Odisha State Board CHSE Odisha Class 11 Approaches to English Book 2 Solutions Short Stories Chapter 2 The Eyes Have It Textbook Exercise Questions and Answers.
CHSE Odisha 11th Class Alternative English Solutions Short Stories Chapter 2 The Eyes Have It
Section – I
Questions For Discussion:
Can you visualize the dramatic setting when the story begins?
(Note: Imagine that you are standing on the platform of Rohena station. A, train arrives. A blind young man is travelling all alone, seated in a dark corner of an empty compartment A girl gets into the same compartment. An elderly couple comes to see her off leaves after giving her the usual instructions to be observed during the journey. The train leaves the station).
The sudden appearance of the girl, her parents giving usual instructions where she should keep her luggage, not to lean out of windows and to avoid speaking to strangers, etc. was really dramatic. Again, a blind man sitting in the dark corner of the railway .compartment and the setting adds to the setting to be more dramatic.
Which lines in the text show that the man was blind?
The lines- “As I was totally blind at the time, my eyes sensitive only to light and darkness. I was unable to test what the girl looked like but I know she wore slippers from the way they slapped against her heals” show that the man was blind.
How did the girl respond to the first question of the blind man?
The first question of the blind man to the girl was: “Are you going all the way to Dehra ?” and the respond of the girl to this question was: “I didn’t know anyone else was he”. This seems that the girl hadn’t seen the man sitting alone in the compartment.
What does the narrator observe about the people with good eyesight and the people who can not see?
The narrator observes that it often happens that people with good eyesight fail to see what is right in front of them. They have too much to take in whereas people who can’t see have to take in only the essentials.
Is the protagonist afraid that his blindness may be discovered by the girl? If so, why?
Yes, the protagonist is afraid to test his blindness should be discovered by the girl travelling in the same compartment. It was because he would be able to prevent her from discovering that he was blind.
“Then I had better not get too familiar”. What is the occasion and intention underlying this statement of the narrator? Does it throw any
light on his character?
When the girl travelling in the compartment said that her aunt would be waiting for her at Saharanpur, the narrator said this on this occasion with the intention that “aunts are usually formidable creatures.”
How does the man try to hide his blindness from the girl? Do his efforts create a situation of comical and light heartedness?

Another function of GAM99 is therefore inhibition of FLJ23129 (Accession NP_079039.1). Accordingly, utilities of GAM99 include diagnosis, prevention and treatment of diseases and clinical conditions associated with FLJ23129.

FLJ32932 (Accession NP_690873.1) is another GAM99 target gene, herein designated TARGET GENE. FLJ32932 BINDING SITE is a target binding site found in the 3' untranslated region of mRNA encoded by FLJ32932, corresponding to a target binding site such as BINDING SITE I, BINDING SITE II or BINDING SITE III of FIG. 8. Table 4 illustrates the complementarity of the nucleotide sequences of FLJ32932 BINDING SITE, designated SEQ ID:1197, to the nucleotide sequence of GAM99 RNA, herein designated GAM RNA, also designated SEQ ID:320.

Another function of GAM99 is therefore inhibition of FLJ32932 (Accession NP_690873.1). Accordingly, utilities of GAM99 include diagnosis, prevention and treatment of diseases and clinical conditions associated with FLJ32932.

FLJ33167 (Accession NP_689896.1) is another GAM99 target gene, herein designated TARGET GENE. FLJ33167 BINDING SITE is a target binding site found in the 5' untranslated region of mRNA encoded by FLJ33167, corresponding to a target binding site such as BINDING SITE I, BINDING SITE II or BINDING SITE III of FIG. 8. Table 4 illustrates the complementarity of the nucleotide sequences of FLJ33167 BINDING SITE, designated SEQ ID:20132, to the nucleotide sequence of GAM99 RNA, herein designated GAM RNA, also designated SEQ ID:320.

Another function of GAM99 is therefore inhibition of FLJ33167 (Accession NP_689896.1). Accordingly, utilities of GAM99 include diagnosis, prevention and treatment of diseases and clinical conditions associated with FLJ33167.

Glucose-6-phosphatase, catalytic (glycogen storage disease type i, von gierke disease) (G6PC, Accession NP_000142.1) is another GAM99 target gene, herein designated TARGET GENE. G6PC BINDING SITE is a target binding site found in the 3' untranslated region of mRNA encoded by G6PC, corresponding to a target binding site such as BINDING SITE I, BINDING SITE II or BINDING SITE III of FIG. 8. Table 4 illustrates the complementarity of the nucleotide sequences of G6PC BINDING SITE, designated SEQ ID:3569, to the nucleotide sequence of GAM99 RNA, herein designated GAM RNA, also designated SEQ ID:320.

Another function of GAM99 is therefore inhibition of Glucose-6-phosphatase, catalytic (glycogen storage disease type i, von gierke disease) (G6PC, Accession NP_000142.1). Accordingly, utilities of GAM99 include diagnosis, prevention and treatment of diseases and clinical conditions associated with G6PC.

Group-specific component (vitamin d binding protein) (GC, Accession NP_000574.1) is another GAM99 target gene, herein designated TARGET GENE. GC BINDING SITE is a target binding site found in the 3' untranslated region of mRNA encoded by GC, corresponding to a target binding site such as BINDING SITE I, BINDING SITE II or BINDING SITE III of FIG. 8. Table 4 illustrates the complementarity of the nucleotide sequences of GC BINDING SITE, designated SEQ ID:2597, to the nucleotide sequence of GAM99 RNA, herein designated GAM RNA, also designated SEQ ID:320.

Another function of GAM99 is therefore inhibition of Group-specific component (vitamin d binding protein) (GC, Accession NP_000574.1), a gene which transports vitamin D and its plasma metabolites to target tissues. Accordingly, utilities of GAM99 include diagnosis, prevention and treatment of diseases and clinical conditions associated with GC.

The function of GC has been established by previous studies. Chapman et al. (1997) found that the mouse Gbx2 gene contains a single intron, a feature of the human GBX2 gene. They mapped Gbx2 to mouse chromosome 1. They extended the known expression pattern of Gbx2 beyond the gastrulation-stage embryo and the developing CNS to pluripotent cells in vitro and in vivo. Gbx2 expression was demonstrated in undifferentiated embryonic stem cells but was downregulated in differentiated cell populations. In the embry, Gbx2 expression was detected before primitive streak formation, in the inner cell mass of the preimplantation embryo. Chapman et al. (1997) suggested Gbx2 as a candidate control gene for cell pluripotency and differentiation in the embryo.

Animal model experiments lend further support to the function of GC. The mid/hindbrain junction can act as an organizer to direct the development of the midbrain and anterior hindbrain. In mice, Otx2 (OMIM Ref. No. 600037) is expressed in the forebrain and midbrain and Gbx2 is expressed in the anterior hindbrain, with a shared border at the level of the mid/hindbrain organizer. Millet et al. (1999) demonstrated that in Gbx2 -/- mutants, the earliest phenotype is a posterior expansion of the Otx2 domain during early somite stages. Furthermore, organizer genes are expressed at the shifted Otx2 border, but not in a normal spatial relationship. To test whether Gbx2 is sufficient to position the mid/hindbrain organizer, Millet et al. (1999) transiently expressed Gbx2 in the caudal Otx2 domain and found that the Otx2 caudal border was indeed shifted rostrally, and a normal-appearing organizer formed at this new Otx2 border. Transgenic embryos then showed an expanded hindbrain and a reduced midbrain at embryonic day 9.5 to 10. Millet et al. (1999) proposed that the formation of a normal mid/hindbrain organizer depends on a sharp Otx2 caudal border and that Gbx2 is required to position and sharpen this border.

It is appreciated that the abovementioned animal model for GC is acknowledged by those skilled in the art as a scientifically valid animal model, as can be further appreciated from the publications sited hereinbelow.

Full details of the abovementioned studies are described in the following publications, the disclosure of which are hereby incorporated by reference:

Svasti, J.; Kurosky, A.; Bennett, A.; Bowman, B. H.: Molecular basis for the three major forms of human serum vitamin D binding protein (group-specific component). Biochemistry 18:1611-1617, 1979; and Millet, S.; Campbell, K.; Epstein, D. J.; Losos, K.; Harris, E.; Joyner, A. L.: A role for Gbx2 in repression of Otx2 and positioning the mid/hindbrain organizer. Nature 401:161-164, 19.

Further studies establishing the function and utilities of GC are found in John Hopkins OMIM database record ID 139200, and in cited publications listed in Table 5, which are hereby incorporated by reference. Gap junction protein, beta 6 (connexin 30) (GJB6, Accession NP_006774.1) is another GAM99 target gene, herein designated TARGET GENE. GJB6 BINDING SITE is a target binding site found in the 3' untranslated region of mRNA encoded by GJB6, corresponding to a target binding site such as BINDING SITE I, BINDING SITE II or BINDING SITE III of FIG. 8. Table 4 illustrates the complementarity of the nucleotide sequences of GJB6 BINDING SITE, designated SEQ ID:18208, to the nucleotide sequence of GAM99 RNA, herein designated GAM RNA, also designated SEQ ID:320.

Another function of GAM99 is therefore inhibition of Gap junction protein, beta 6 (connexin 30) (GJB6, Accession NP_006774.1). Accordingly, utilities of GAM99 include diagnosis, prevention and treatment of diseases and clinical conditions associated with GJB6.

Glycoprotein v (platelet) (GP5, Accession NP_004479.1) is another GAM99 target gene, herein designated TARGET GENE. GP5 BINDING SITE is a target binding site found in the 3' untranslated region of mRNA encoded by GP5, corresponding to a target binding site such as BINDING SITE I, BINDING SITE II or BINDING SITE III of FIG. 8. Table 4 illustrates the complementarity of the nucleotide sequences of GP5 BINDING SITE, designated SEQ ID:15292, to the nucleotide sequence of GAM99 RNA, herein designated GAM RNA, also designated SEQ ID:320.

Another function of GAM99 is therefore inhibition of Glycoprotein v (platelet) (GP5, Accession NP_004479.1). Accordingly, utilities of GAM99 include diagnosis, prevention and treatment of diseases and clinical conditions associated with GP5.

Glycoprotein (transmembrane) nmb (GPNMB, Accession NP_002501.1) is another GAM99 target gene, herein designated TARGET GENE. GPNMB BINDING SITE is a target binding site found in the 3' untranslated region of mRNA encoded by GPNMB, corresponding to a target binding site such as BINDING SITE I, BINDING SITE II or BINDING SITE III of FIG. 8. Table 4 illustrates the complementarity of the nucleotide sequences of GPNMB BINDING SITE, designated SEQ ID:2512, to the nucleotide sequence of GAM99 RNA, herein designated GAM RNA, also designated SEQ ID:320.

When the girl asked the man to look outside the window to see what it was outside, he tried to hide his blindness from the girl by moving along the berth feeling for the window ledge. His efforts of doing this creates a situation of comical and lightheartedness.
How does bond add colour and beauty to a world of blindness and suffering? Discuss briefly the world of beauty and romance as noticed in the conversation between the travellers.
Bond presents a world of beauty and romance in the conversation between the girl and the narrator, “Oh, how lucky you are. I wish I were going to Mussoorie. I love the hills. Especially in October.” breaths a spirit of romance and love. “You have an interesting face” speaks volumes of love “You are a very gallant young man” tells about reciprocal statement of love
What was the thing that fermented the protagonist about the girl?
The girl was standing very close to the man when she was to get off the train, She was so close that the perfume from her hair was tantalizing. He wanted to raise his hand an of touch her hair, but she moved away, This fermented the protagonist about the girl.
How does the narrator make guesses about the fellow passenger?
The narrator of the story “The Eyes Have It” is a blind man who makes guesswork so as to identify the fellow passenger in the train. The man had the compartment to himself alone up to Rohana. Then a girl go into it. There was a couple who saw her off might be her parents. These elderly people were very anxious about her comfort and the woman gave the girl detailed instructions as to where to keep her things, when not to learn out of windows and how to avoid speaking to strangers. They said them goodbye and the train was set to motion. As he was completely blind, at that time his eyes were sensitive only to light and darkness, he was unable to tell what the girl looked like. But he sensed that she had worn sleepers from the way they slapped against her heels. It would take him some time to discover something about her looks and perhaps he never would. But he liked the sound of her voice and even the sound of her slippers. From this, the man guessed that one who was travelling in the same compartment was a girl.